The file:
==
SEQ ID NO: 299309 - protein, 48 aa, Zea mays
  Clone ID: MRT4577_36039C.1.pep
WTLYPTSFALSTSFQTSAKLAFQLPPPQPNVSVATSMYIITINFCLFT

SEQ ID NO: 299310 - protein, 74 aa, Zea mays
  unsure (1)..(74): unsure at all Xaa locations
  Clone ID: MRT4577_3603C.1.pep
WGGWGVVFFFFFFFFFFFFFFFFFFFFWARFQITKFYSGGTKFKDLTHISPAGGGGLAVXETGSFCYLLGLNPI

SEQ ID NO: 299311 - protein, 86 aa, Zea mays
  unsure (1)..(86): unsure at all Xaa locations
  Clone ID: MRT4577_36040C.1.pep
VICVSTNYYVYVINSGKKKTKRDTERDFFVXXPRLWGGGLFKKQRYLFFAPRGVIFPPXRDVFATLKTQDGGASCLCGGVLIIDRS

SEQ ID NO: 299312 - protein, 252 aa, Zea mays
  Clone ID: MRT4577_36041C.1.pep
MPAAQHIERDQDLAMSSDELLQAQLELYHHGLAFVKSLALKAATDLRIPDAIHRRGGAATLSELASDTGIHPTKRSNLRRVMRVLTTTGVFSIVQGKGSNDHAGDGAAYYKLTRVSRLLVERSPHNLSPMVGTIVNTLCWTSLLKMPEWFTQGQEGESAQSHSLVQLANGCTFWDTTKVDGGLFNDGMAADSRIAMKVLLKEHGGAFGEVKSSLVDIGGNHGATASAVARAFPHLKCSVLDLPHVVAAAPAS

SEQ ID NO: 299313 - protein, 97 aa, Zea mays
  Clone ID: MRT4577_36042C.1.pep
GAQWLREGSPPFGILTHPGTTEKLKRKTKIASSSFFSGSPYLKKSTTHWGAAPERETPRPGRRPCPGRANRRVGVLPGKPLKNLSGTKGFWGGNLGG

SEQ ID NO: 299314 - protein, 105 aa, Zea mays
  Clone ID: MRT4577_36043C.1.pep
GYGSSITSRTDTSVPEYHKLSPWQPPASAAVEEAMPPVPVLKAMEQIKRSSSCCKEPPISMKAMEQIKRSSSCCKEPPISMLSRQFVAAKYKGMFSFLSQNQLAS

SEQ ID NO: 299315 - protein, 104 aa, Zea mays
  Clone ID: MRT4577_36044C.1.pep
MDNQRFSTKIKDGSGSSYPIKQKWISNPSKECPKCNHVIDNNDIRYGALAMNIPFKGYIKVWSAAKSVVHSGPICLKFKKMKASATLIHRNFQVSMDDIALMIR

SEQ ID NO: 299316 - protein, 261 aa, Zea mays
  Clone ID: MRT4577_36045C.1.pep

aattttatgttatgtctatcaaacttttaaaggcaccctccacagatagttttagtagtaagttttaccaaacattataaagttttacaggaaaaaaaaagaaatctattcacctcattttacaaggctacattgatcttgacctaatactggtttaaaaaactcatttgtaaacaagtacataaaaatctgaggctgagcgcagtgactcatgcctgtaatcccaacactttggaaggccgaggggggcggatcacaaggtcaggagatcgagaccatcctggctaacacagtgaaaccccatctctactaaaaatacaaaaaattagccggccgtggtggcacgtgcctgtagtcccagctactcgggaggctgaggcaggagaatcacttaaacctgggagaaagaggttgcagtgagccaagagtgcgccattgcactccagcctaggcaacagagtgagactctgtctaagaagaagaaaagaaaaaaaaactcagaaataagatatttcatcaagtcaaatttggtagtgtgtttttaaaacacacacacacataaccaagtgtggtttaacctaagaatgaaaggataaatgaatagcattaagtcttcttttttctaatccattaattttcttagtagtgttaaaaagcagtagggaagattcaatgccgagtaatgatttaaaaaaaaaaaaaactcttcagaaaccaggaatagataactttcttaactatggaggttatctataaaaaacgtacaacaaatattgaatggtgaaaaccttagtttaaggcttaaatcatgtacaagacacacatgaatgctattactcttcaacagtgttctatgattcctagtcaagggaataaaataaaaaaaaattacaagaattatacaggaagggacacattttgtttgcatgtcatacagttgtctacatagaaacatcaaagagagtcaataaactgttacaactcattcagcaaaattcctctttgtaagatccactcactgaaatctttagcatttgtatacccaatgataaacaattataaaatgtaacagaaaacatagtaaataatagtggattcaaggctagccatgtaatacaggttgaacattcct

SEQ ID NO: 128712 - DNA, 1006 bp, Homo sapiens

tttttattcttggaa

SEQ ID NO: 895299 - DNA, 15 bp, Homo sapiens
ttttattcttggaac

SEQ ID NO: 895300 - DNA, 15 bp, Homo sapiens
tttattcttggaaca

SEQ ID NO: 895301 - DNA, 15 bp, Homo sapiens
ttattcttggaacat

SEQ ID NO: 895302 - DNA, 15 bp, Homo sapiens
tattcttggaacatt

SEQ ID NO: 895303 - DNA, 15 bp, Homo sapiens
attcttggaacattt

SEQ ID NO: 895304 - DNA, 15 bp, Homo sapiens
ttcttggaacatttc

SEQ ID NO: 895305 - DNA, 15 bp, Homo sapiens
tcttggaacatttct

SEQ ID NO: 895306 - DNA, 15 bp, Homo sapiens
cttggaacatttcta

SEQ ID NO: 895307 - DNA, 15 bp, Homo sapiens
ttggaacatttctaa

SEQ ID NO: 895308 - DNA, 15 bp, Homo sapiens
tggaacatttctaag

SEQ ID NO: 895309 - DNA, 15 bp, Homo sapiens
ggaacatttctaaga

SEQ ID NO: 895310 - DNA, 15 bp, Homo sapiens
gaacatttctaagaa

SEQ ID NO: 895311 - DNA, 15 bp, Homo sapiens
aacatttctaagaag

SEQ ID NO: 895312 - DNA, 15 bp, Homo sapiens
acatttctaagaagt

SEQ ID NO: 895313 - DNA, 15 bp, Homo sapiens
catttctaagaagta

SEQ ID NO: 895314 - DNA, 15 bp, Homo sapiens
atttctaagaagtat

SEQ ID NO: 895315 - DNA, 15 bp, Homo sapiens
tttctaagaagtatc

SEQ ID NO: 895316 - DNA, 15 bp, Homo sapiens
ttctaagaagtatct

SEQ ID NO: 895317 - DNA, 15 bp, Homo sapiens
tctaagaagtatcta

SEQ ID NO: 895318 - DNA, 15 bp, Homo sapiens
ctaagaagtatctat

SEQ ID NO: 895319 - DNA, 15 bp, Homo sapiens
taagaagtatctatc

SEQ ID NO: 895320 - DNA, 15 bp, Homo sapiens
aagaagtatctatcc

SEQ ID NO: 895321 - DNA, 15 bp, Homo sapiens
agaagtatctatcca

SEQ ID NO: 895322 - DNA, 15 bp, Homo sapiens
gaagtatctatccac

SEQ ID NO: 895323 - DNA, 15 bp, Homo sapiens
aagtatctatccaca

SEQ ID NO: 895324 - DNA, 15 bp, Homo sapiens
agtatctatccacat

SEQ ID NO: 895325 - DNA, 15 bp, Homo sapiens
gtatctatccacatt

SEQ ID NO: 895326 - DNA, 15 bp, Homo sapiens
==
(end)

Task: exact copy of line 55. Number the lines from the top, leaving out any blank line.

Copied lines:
SEQ ID NO: 895312 - DNA, 15 bp, Homo sapiens